Photo: Rainforest Action Network
A broad coalition of labor unions, environmental organizations, and groups working for Internet freedom has formed to stop the Trans-Pacific Partnership, a secret “free trade” agreement that would increase corporate power at the expense of workers, consumers and the environment.
StopFastTrack.com provides an easy way to see which groups are on board and why, and to contact your Congressional representatives to urge them to oppose “fast track” authority for the TPP. Fast track authority means that the TPP could be completed and signed before Congress votes on it. Then it would be presented for an up or down vote with no amendments and limited debate.
In today’s Orwellian world, not only could the TPP be signed before it is voted on, but the public does not know what is in it. The only information we have about the TPP is from Wikileaks, but it is enough to indicate that it will be, as many have said, “NAFTA on steroids,” resulting in jobs moving overseas and environmental protections being weakened.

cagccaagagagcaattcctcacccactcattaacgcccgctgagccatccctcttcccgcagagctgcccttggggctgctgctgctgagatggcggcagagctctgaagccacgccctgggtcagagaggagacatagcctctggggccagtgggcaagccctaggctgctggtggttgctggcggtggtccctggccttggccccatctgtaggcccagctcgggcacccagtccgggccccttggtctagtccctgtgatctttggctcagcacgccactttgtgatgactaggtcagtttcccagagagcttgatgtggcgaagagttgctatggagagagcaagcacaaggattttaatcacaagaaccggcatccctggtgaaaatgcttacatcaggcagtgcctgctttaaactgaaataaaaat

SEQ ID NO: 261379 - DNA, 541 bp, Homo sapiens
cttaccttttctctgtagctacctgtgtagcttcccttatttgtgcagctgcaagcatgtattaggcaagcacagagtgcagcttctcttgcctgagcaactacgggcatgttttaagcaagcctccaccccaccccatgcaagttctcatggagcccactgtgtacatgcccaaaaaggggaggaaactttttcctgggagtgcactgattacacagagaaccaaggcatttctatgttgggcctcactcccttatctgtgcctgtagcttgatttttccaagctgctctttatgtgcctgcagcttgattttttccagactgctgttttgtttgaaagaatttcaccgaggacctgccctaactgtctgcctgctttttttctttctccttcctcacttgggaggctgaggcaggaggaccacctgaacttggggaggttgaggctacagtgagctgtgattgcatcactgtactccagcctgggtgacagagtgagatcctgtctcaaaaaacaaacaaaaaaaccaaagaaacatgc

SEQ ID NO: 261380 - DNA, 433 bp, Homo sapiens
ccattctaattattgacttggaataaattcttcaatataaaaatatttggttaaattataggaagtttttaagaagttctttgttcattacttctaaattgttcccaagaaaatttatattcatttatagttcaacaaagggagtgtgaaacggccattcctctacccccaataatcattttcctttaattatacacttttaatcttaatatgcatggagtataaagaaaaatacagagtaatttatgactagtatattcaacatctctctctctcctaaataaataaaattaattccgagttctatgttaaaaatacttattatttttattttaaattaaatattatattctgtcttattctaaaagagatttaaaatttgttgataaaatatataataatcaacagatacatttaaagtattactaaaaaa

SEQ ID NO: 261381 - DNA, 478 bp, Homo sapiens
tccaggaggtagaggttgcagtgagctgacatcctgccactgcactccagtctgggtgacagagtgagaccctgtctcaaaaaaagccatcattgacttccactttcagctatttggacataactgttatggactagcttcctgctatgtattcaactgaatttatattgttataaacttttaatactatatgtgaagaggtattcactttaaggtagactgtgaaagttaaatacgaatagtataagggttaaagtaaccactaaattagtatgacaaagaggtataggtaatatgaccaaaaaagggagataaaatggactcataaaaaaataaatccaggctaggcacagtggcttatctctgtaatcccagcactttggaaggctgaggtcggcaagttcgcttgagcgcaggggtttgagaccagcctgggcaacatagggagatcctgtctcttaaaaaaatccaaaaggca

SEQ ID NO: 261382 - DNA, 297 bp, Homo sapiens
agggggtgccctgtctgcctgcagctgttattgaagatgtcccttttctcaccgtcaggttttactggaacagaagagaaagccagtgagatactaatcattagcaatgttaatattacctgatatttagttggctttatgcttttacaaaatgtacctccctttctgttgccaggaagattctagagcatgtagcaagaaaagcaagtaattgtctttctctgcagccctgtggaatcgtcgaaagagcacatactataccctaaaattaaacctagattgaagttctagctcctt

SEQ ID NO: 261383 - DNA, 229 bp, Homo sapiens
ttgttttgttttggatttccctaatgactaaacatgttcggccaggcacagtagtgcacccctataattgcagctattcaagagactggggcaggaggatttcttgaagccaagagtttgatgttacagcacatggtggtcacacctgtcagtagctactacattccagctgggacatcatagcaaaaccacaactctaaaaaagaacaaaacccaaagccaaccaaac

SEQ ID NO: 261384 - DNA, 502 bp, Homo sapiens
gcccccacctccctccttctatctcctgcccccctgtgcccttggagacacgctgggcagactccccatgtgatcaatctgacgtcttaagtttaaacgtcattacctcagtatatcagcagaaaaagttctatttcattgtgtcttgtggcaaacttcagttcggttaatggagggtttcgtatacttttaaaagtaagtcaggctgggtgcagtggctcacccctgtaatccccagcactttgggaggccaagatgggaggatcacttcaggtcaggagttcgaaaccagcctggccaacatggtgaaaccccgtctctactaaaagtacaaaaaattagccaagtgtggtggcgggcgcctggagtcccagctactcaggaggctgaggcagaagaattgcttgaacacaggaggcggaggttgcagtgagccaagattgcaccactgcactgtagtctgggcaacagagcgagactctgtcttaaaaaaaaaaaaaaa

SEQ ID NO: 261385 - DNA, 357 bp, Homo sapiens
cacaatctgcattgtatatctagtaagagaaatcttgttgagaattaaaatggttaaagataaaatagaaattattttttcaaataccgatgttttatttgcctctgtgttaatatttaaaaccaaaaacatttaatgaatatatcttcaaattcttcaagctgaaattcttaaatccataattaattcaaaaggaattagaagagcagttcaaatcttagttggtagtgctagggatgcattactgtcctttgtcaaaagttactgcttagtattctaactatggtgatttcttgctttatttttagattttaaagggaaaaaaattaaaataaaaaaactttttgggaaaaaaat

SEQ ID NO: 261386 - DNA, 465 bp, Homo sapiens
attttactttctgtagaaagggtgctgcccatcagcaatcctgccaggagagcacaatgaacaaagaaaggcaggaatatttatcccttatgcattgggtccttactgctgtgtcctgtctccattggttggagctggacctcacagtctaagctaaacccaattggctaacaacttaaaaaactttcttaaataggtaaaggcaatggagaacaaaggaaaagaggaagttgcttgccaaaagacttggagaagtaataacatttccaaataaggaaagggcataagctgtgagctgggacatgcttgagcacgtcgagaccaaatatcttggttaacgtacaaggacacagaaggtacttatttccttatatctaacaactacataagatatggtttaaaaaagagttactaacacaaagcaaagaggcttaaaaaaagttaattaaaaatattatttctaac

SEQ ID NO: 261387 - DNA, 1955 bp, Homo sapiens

The Trans-Pacific Partnership (TPP), like the North American Free Trade Agreement (NAFTA) before it, is a “free trade” agreement in name only. The secret pact currently being negotiated between the U.S., Canada, Japan and other nations would increase the power of corporations and investors at the expense of protections for workers, consumers and the environment. An interview with Noam Chomsky about the TPP is embedded above.
While more than 600 corporate “trade advisors” help set the terms of the agreement, the public and even Congress are not allowed to know what is in it. What little we do know about the agreement is the result of leaks, including a draft chapter on intellectual property published in November by Wikileaks. Analysts have said that chapter indicated that the pact would increase corporate power by, among other things, making it more difficult for generic drugs to make it to market.
A first step in taking action on the TPP is fighting for our right to know what is in the agreement. Public Citizen is petitioning U.S. Trade Representative Ron Kirk to do just that.